….Susanna tutta panna
sweet pizza fantastic, I love, I love your beautiful recipes, I'm surprised your professionalism will continue looking, I'll follow, affection and hugs.
That is beautiful Frank.
Never knew of another description of pizza. Interesting, good to know.
All you guys are just too kind!
@bakingdevils: Angelina always served 'au naturel' but I'm sure if would be lovely with fruits, poached or otherwise. Some berries, for example, I bet would be lovely, or some candied orange slices…
what a beautiful pie! you just reminded me how I have not made a ricotta pie in much too long!
Thanks so much for sharing such a wonderful creation with us and for the inspiration!
Oh, I remember this cake. A friends gram would make this when I was a kid… it was so unusual and delicious and not like a cake or a pie that I knew… her gram barely spoke English so she seemed terribly exotic in the midwestern neighborhood I grew up in… thanks for the memory!
Grandma Gresio had a similar dessert – but without the splash of anisette which I am liking. It's sweet simplicity which the Italians do so well.
To an Abruzzese, “pizza dolce” refers to a three layer sponge cake, drizzled with liquor/espresso combination and filled with cream.
Hi…I see your family is from Abruzzi…my dad’s mother came from palena and used to make a “pizza sweet bread” but they called it pizza…does this sound familiar at all…dad said he thinks it was made with flour, eggs, sugar, yeast, anise seeds (or something like this)…my grandmother would make the dough and then have her sons bring it to a local baker to bake in a brick oven…I don’t think it had ricotta in it….any idea?
Wow! this look so delicious, I never knew that I could called it pizza. Thanks for the teaching lesson! Thanks for the delicious recipe too. I love fresh ricotta. In Brazil, we use ricotta in our tarts too.
I wonder how this would be if you actually sauteed some finocchio and added that instead of the anise liqueur. Hmmmm 🙂
I love this recipe – no pastry makes it so much nicer and knowing its orgin make it so much more special. I love to read orgins and history about food – makes cooking them so much more fun.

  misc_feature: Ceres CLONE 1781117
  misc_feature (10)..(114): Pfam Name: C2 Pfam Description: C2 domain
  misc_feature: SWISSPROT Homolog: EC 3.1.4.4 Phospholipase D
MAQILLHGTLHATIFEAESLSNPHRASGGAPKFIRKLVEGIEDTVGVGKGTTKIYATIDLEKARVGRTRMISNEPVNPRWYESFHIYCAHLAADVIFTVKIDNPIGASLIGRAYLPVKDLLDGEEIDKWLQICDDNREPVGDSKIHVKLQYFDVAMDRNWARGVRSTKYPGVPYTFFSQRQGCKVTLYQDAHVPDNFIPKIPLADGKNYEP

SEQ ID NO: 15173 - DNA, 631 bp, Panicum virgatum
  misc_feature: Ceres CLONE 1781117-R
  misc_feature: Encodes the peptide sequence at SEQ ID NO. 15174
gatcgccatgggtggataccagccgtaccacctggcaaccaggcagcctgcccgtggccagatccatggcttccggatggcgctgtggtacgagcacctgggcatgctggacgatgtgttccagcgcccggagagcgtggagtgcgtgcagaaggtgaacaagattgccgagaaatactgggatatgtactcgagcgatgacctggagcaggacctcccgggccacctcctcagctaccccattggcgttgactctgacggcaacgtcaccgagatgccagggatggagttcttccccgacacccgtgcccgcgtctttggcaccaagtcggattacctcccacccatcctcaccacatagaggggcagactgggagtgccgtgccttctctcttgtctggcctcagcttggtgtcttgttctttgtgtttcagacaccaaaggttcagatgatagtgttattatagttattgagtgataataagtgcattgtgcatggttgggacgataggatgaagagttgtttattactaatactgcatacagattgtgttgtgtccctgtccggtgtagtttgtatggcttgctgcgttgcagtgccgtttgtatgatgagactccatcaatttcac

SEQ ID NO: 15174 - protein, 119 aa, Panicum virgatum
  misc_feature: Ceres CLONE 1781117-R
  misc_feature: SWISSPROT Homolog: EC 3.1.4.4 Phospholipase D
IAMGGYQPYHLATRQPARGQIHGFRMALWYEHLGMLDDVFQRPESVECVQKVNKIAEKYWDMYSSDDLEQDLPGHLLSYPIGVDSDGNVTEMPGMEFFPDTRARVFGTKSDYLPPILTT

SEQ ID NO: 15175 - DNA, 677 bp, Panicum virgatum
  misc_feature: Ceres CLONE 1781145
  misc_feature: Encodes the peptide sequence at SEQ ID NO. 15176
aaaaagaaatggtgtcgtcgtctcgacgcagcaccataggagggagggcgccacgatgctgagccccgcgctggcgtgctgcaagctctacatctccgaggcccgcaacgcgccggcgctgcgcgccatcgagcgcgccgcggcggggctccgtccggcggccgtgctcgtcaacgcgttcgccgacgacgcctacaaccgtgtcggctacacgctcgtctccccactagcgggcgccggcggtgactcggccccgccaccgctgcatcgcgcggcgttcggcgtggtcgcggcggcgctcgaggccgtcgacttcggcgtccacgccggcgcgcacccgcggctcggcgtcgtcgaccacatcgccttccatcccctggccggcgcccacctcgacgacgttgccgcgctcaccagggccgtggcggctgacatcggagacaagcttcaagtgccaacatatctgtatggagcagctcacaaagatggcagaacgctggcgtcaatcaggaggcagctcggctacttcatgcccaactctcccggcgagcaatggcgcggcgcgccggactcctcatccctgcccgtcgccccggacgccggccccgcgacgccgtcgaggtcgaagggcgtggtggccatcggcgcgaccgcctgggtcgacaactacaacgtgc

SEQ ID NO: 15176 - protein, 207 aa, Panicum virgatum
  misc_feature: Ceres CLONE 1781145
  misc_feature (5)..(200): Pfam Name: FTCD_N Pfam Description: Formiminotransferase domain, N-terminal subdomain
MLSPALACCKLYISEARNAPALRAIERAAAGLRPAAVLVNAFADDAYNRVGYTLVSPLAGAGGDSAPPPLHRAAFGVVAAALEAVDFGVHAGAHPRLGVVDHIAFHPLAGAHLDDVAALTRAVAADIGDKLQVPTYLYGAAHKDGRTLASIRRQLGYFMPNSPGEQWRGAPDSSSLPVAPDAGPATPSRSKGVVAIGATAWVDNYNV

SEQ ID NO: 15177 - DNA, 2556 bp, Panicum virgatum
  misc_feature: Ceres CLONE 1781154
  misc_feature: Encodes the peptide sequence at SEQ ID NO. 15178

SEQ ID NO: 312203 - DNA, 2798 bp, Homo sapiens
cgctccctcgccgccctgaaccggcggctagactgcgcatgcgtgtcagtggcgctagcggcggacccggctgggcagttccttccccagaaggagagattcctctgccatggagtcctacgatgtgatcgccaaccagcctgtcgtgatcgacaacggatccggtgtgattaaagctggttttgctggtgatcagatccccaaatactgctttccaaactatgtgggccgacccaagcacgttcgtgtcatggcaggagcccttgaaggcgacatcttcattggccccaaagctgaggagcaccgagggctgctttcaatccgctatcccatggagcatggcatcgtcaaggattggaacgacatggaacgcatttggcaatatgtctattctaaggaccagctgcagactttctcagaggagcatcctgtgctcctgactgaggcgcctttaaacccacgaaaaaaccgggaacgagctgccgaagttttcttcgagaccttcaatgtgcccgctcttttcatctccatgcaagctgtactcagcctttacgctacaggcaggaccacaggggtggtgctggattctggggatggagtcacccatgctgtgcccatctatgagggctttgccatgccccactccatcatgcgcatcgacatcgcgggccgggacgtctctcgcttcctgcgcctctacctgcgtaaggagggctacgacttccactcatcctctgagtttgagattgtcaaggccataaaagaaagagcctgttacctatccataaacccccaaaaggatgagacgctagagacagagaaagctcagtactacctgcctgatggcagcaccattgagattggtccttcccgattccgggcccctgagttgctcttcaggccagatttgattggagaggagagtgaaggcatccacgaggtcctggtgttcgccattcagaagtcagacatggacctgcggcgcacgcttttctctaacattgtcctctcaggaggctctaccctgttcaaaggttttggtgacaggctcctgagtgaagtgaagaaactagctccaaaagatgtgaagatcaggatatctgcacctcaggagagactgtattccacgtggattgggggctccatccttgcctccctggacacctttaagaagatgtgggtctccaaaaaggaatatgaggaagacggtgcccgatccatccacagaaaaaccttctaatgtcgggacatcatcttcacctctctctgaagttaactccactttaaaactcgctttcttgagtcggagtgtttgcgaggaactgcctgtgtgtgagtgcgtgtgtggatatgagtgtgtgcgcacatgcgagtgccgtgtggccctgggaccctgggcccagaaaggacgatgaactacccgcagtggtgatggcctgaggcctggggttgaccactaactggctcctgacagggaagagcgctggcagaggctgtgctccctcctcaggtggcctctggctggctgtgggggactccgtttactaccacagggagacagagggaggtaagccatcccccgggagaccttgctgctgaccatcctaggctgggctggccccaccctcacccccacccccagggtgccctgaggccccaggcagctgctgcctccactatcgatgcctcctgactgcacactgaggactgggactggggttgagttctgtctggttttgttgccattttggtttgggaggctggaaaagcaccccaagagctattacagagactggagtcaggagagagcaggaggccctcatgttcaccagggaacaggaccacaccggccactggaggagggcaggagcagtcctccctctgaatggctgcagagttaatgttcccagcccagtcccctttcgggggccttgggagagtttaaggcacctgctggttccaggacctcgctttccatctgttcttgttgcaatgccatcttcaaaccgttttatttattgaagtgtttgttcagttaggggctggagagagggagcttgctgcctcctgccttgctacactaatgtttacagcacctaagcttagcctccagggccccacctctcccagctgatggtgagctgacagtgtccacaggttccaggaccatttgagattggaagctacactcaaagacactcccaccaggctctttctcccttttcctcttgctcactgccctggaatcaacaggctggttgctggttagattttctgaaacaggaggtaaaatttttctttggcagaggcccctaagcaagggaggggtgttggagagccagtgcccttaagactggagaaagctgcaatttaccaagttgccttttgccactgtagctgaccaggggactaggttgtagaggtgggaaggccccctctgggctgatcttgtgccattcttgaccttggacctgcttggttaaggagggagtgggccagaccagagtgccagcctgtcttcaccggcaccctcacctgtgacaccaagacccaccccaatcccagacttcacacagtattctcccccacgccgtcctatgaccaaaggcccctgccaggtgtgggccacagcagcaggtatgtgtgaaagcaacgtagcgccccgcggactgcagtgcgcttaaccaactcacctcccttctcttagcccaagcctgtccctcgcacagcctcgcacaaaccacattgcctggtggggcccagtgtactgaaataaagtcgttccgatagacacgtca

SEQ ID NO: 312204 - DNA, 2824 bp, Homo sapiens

Would this be served best with some poached fruits? I can't wait to make this…sounds delish!
This is so innovative and creative!
right, somewhat like a custard pie we make but without a pieshell and a balance of cheese & egg – pure essence of the two …. lovely pie, I know Angelina is proud…
Well, that's a lovely tart! I can smell it all the way from Singapore. Hahaha!
Dropping by from Luxury Indulgence
Wow, that look so light and delicious!
Yes, this does remind me of a crustless cheesecake – pizza dolce or cheesecake, Angelina had a winner here.
I'm bookmarking this one–Ricotta pie or cake has been on my list of things to try & this recipe looks so simple, yet so delicious!
Sounds wonderful! Will have to try this. Thanks for sharing.
Thanks, Spicie and Pola!
And Greg, yes, fruit (especially berries, I would think) should go very nicely with this.
Frank this looks really good. Would this be served with fruit? It seems like fruit would be go with this very well.
Buona! I used to do a ricotta cake when I was a kid with raisins and really loved it. I don't have the recipe anymore, so I think I will try yours!
This sweet pizza resembles cheesecake. I never new there were sweet pizza so thanks for educating me. This recipe is going on my list to try and soon. Thanks for sharing Frank!